Cyber threat to professionals at all time high

Professional firms, particularly those handling money for mortgage lenders, are increasingly at risk of high level cyber-attacks, according to leading experts in the field of law, finance and mortgage lending.

Speaking at the Mortgage Tech UK conference yesterday morning (27th June) Georgina Squire, Partner at solicitors Rosling King, warned professionals of the dangers that cyber-attacks impose to professional firms such as lenders, valuers, brokers and solicitors and advised on what steps should be taken to prevent and mitigate the fall-out when falling victim to a such an attack.

A joint report by GCHQ’s newly-opened National Cyber Security Centre and the National Crime Agency published earlier this year, warned that the cyber threat to UK business is at an all-time high.

Georgina Squire said: “Given that 2016 was the year that law firm data security came to the fore, by means of high profile events such as the Panama Papers and the rise of Ransomware, it seems reasonable to suggest that the threat will impact professional services firms in much the same way as the wider economy.

“Over the last year, professional firms such as my own, have been urged to take proactive steps to manage the risk posed by cybercrime to protect both ourselves and our clients.”

Squire also encouraged firms to increase staff training and awareness and to build in additional security and protections to try to limit the potential harm, adding: “We have legal and regulatory obligations like all other professionals involved in the mortgage industry. Our regulators are increasingly taking on more hands-on approach to data security and publishing regular guidance.”

Current threat areas for law firms and other professionals involved in mortgage origination are:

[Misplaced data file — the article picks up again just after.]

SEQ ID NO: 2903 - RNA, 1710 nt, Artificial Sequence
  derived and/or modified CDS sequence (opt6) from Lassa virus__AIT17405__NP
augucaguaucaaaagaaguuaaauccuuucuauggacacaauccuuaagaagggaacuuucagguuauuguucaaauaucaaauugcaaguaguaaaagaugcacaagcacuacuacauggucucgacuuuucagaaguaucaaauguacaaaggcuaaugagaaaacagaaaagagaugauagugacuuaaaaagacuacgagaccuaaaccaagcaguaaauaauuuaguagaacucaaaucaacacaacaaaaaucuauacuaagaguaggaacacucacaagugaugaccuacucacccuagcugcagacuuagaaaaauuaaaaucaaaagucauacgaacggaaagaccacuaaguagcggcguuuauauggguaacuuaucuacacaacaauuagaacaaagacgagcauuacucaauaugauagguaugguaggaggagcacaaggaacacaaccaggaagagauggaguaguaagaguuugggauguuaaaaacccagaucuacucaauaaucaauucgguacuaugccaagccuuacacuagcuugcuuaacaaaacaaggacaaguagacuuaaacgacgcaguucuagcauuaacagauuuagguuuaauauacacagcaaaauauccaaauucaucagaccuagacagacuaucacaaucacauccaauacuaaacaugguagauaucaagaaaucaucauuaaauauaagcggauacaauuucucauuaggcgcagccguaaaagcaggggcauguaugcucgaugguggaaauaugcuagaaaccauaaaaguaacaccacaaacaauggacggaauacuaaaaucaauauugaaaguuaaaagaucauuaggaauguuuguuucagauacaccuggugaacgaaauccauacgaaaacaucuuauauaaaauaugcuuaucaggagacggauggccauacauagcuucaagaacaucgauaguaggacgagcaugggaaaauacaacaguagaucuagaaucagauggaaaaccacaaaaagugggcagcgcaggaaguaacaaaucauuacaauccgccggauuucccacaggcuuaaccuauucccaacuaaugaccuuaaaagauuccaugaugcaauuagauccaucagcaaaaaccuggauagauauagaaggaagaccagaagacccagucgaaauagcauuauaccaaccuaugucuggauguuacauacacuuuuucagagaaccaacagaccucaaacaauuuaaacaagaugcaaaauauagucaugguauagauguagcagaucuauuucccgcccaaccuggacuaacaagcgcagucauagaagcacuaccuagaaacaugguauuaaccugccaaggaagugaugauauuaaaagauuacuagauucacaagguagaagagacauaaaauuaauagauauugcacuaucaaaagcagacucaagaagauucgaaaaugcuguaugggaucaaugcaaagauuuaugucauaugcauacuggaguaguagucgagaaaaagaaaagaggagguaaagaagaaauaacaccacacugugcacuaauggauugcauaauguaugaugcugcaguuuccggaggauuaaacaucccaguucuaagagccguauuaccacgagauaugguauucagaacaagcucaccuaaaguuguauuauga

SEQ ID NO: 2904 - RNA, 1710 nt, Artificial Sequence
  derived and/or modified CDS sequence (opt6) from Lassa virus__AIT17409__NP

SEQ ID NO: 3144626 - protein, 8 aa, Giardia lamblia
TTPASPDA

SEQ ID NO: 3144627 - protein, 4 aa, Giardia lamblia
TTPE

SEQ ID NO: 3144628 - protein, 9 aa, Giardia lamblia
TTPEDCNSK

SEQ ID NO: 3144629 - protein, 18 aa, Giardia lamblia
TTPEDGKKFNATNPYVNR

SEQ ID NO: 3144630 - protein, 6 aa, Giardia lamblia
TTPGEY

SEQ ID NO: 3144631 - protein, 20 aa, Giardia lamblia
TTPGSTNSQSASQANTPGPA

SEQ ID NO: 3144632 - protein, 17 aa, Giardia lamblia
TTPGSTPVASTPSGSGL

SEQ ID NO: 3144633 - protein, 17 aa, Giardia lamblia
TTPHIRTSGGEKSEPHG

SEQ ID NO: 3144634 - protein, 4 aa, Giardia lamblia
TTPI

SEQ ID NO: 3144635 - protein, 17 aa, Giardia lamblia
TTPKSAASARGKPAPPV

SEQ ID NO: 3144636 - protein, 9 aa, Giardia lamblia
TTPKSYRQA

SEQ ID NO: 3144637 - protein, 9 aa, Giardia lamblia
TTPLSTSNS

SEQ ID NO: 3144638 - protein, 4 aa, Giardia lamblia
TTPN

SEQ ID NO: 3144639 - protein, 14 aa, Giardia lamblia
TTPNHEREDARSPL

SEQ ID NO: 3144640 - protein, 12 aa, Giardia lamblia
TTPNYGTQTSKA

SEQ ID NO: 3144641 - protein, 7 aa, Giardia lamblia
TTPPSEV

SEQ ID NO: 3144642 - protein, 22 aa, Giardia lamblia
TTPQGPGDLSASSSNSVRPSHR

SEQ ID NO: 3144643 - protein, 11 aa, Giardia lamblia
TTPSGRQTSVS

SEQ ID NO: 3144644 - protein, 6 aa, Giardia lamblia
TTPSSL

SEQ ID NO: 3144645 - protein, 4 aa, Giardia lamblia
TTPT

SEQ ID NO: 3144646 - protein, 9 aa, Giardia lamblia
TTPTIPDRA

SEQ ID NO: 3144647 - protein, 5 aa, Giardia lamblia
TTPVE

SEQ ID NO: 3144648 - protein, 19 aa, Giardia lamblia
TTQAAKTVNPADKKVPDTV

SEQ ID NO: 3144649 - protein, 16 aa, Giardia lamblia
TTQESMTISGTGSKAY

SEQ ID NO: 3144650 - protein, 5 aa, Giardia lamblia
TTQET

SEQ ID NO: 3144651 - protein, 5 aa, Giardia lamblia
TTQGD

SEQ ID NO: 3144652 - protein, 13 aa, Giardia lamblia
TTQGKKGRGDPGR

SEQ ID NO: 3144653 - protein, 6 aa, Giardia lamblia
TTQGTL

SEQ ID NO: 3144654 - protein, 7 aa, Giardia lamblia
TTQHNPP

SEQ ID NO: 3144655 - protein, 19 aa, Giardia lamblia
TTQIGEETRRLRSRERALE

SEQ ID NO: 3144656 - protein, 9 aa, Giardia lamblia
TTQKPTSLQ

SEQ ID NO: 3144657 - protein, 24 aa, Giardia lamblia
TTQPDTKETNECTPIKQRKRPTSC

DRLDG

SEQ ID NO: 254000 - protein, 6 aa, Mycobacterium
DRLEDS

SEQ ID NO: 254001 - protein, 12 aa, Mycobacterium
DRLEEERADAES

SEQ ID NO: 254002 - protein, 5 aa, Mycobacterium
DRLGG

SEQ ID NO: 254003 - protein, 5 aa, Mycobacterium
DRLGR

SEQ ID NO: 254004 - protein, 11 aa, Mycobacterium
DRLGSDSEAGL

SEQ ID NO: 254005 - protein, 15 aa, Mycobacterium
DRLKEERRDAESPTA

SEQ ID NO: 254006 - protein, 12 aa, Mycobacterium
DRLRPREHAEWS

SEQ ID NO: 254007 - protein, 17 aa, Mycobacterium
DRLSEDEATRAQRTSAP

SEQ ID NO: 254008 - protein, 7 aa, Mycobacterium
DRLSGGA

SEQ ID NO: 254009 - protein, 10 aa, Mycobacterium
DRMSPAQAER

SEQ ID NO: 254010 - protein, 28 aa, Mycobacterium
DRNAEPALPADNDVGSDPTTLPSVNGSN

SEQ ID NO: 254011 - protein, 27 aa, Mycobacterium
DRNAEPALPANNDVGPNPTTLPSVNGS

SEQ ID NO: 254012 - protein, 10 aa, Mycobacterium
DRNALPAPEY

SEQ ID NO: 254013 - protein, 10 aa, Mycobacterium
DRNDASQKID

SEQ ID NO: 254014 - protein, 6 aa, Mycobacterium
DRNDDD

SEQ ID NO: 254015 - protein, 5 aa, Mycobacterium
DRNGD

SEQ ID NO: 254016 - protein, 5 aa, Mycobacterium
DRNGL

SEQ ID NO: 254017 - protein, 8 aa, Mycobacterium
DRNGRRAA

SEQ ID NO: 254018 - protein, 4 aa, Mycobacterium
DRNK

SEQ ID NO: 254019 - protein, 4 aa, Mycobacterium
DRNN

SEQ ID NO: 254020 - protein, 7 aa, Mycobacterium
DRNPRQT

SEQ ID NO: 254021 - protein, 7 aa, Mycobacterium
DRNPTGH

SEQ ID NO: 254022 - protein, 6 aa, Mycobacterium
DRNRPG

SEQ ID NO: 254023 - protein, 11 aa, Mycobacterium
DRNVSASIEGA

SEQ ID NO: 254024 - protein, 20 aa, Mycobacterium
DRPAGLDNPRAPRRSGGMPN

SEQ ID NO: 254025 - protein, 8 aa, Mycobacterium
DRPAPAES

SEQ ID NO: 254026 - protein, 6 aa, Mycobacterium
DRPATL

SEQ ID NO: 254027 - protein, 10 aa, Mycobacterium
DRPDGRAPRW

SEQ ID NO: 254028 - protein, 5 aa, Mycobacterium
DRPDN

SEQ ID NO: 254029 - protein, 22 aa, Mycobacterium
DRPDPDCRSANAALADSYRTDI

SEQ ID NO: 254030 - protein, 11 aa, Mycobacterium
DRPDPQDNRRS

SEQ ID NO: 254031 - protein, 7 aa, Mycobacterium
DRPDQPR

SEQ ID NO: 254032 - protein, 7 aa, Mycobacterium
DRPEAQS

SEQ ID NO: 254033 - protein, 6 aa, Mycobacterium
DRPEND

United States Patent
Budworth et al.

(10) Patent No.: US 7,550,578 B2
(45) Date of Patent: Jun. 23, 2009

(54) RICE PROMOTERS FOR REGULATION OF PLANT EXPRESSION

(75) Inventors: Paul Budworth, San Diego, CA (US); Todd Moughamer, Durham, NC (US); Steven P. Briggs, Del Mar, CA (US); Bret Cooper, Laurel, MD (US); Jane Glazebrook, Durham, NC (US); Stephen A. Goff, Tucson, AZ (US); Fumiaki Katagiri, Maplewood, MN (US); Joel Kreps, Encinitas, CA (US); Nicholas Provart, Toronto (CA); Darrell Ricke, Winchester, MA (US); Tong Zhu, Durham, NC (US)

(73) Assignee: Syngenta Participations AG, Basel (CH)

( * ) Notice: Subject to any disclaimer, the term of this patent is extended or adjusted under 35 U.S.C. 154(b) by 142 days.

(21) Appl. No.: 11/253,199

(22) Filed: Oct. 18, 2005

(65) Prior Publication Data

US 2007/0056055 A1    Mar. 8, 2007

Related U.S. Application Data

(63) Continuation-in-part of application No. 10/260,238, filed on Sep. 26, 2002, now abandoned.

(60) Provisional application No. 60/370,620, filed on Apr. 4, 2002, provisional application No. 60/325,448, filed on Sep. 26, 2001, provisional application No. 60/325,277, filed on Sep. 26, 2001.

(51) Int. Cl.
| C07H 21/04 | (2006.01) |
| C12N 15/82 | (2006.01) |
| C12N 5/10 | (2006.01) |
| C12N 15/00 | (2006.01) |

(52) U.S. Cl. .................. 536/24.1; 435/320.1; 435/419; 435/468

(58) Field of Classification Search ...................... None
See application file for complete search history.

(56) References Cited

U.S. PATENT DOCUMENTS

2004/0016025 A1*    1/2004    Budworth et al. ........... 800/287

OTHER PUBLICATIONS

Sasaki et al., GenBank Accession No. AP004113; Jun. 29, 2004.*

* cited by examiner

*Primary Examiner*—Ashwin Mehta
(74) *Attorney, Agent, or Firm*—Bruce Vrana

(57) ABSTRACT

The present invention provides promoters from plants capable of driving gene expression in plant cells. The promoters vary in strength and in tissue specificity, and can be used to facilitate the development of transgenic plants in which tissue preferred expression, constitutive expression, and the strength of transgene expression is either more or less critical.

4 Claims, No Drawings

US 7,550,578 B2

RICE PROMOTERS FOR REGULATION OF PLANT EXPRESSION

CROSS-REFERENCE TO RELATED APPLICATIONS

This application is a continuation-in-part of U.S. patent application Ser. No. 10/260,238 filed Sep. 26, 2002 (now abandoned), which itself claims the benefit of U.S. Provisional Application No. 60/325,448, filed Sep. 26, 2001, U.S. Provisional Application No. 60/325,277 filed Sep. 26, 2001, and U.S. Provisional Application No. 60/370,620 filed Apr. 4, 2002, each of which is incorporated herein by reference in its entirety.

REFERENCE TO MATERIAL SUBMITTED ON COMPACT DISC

• Cloud computing
  • Email fraud/phishing
  • Ransomware
  • Identity fraud

Firms are increasingly being advised to develop a cyber-aware business culture, by developing clear and efficient internal procedures for handling money and considering methods to avoid, for mortgage lenders, the two most prevalent areas of cyber fraud which are:

1 Identity Fraud

2 Friday Afternoon Fraud

One aspect of identity fraud is “home high-jacking”. The value of this type of fraud is more than tripled since 2013 rising to nearly £25 million in April 2017, according to HMLR registers.

Squire said: “It is now getting to the stage where criminals are paying people to pose as tenants and rent a property using fake identities. One of the tenant’s changes their name by deed poll to match the true owner’s name, put the property on the market and sells it to a cash buyer. It is only when the buyer goes to register the change of ownership with HMLR that the true owner, the landlord, is alerted.”

To detect this type of fraud, firms are advised to consider the following:

  • If a tenant is hassling the agent saying they need keys and want to move in quickly, that might be indicative of them being up to something.
  • In these scams it is often the case that the tenants do not actually ever live in the property – which remains empty. This can be checked by the agents. Fraudulent tenants rarely move into the house, they are looking to sell it on quickly.
  • Solicitors and professionals doing KYC on new clients may be alerted by the sight of a brand new passport or brand new driving licence or other ID. Fraudsters change their name by deed poll to the landlord’s name.
  • When doing KYC follow up on references. Maybe check phone numbers.
  • Owners can sign up for HMLR Alert service which informs you if someone is checking the register for your house…

The second major type of cybercrime hitting professional firms acting in the mortgage industry, is what has commonly become called Friday Afternoon Fraud.

“As solicitors, we see alerts from our regulator, the SRA, almost weekly now with stories of Friday Afternoon Fraud”, said Squire.

To avoid this type of fraud, Georgina Squire suggests the following:

  • Beware of changes in bank details mid-transaction and beware of requests to do so during a transaction.
  • When someone asks for money to be sent to a particular bank account, call back on a phone number to double check those bank account details over the phone and verify them. Only the most sophisticated of fraudsters would be able to intercept that call and provide their own mobile phone number to verify the fraudulent bank details.
  • Never send out our bank details in open emails. They should be sent in a password protected attachment with the password sent by separate email. It may sound simple but it should act as an extra layer of protection and is something that is certainly worth doing.
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